The times are tough and many of us may struggle to stay optimistic amidst this pandemic. This crisis has extended for far longer than what most of us had anticipated at the beginning, which may also be diminishing our ability to think positive. People who normally look at the world as glass half-full might struggle to keep the same view and would start seeing it as glass half-empty. In such a scenario, it is crucial that we try and train our brain to think positive.

The definition per Kendra Cherry at Very Well Mind (2017B) –

“[P]ositive thinking actually means approaching life’s challenges with a positive outlook. It does not necessarily mean avoiding or ignoring the bad things; instead, it involves making the most of the potentially bad situations, trying to see the best in other people, and viewing yourself and your abilities in a positive light.”

Let us first talk about why we need positive thinking:

  • For better health: Positive thinking has power. It helps with better emotional health which reduces the vulnerability to mental disorders, depression and anxiety. In today’s life style and work-related stress, one has to think positive to avoid mental stress. Also, there is a deep biochemical connection between the mind and the body. Research shows that optimists enjoys better physical health than pessimists. Particularly, the risk of cardiovascular disease is less for optimists. A number of studies have also shown that a positive attitude can improve recovery and survival rate after surgery and also increase longevity.
  • To be motivated: To achieve something, you need to apply effort and in order to apply effort, you need to be motivated. Motivation is therefore, the desire to do something, and without motivation it becomes hard to achieve your goals. Motivation has different levels and you must increase your level of motivation as you plan to achieve bigger and harder goals. Positive thinking helps when you want to attain a high level of motivation. Think of it this way – motivation is like a video game; the more you move to higher levels, your target/goal gets that much more tougher to achieve.
  • For your self-esteem: It is about how you feel about yourself. If you don’t see yourself in a positive light, then everything around you will seem out-of-place. And your behavior will reflect that immediately. Everyone in the world is unique; you may be better at something than others and vice versa. If you start comparing yourself with others with a parameter where you could score low, you will always think less of yourself. So, you must think positively about all the good traits that you possess. Also, self-esteem has been shown to have a strong relation to happiness (refer ‘Maintaining Life Satisfaction: The Role of Positive Cognitive Bias’). In general, people with high self-esteem are happier than those with low self-esteem.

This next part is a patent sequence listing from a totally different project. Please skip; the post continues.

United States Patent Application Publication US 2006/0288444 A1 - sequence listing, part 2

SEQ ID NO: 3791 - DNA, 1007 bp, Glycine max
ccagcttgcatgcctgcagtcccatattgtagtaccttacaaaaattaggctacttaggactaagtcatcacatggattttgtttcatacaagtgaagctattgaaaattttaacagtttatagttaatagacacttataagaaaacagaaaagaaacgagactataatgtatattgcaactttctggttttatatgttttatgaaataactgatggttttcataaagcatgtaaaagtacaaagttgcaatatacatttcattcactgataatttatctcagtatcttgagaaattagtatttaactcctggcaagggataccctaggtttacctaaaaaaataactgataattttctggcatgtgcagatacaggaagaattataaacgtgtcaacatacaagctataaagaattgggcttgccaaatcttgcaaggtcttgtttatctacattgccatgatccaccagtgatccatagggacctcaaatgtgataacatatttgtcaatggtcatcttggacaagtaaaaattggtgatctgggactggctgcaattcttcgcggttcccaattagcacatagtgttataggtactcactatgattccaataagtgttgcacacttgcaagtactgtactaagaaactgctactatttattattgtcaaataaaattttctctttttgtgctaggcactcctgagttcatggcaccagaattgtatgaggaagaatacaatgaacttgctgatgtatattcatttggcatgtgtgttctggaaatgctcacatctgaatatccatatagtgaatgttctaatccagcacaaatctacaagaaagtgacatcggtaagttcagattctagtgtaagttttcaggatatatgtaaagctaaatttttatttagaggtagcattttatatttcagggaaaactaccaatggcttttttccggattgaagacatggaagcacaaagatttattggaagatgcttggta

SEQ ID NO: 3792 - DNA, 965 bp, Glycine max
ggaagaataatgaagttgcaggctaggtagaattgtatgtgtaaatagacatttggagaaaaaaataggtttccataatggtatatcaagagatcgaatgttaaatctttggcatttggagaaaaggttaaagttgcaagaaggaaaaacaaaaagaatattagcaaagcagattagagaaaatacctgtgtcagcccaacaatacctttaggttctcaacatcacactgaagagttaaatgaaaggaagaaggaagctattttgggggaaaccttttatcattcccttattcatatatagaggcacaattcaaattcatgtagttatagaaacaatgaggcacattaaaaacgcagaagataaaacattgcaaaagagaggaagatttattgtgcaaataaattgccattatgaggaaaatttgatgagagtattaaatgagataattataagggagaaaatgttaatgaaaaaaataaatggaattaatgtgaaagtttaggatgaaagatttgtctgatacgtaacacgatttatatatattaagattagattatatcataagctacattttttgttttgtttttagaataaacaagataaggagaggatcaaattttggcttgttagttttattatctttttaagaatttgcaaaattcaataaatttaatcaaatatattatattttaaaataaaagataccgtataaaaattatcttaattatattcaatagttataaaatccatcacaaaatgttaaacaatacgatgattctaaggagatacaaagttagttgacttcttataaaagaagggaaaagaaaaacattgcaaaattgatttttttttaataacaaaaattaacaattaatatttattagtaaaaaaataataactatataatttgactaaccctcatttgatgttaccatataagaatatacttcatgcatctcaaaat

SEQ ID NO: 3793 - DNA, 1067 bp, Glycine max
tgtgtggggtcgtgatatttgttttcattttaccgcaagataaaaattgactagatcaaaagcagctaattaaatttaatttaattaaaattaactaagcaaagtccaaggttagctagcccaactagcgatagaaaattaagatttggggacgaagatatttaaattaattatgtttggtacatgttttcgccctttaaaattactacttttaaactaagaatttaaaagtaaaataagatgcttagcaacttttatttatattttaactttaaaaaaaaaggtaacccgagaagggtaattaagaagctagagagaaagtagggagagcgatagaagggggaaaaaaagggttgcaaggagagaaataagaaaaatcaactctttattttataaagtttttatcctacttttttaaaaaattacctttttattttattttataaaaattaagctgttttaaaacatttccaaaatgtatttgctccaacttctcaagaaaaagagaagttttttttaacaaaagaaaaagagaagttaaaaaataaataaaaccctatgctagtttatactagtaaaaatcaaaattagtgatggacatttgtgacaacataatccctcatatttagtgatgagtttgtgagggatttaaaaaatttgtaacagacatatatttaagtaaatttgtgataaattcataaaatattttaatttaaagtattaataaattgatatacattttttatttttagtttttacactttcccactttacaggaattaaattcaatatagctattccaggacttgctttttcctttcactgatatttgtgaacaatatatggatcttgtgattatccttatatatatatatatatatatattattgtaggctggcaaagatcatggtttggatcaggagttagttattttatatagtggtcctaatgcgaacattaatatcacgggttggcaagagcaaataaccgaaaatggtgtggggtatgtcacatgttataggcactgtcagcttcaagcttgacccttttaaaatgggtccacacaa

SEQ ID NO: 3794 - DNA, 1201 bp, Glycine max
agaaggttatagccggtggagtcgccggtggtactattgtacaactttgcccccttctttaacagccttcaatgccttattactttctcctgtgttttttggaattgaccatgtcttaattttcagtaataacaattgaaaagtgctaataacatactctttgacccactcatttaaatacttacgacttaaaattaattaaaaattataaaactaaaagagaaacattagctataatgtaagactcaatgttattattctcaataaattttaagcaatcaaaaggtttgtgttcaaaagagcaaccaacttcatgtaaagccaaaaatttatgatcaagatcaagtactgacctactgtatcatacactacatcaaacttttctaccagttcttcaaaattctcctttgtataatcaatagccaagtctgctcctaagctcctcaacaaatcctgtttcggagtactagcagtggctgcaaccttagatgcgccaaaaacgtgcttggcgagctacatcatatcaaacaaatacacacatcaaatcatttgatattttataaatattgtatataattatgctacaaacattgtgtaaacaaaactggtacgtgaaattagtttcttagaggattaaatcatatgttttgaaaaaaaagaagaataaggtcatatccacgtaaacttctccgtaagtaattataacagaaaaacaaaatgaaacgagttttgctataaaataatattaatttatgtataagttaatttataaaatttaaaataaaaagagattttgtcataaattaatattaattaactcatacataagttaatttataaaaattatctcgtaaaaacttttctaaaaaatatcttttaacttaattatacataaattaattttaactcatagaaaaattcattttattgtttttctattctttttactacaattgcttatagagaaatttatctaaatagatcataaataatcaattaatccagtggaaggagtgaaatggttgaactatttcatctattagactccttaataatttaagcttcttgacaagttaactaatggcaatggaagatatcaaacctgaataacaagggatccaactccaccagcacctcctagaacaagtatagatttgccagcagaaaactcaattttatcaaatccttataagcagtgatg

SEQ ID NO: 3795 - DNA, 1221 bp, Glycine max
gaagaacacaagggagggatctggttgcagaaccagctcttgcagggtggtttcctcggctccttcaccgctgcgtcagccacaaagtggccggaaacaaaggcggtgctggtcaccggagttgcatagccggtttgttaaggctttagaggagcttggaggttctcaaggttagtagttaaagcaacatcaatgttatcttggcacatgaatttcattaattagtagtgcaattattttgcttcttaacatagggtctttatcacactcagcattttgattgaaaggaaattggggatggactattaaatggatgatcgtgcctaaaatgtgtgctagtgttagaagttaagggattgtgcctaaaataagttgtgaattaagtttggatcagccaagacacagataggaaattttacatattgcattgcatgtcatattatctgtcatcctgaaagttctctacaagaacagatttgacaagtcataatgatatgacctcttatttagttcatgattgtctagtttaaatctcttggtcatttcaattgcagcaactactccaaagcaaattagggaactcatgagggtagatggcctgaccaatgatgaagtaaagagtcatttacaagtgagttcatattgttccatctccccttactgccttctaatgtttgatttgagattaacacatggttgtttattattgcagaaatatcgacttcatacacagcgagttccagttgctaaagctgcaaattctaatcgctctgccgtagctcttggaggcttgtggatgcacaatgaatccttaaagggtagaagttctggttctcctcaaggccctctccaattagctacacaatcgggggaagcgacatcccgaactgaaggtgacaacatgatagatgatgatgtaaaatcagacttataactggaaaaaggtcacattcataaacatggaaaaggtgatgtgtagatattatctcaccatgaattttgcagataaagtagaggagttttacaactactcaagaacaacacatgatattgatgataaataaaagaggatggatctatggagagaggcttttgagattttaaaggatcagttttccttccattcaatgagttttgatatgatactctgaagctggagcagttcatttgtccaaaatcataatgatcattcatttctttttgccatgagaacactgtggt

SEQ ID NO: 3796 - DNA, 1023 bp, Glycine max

• For good relationships: There are vibes that others get when they spend time with you. People tend to be drawn to folks who give off a positive vibe. There is a certain aura that surrounds you when you start thinking positively. You start bringing energy and liveliness to your surroundings by your mere presence. This will help you build fruitful and long-lasting relationships.
  • To be happy: Finally, thinking positive will make you happy. You don’t need to win a competition, or complete your goal, or even achieve something – in fact you don’t need to do anything explicitly to be happy. It’s all about your mind, and your attitude. If you train your mind to think positively, you can be happier. I believe happiness is a good enough reason to think positively, isn’t it?

Some people wear rose-colored glasses all the time and are unrealistically optimistic. Others may find themselves at the opposite end of the spectrum. It is important to stay balanced. Being happy comes naturally for some, but not for everyone. That should not however stop you from learning how to think positive – your mind is coachable. Let’s take a look at a few techniques to help you stay positive:

  1. Self-talk: This is a technique where you talk to yourself as if you are someone else. You distance yourself from you – which is called ‘Self-Distancing’. This will lead you to think more objectively by regulating your emotions. According to a research by E. Kross and O. Ayduk from University of Michigan and University of California, Berkeley – self-reflection reduces the intensity of negative emotion. It helps focusing less on emotionally touching aspects of your negative experience and more on reengineering it in ways that provide you closure. So, distance yourself from yourself and shift from using ‘first-person’ to ‘third-person’ language (such as you, he, she). Engage with your other-you, with constructive self-talk that will reduce your stress and help you think positive.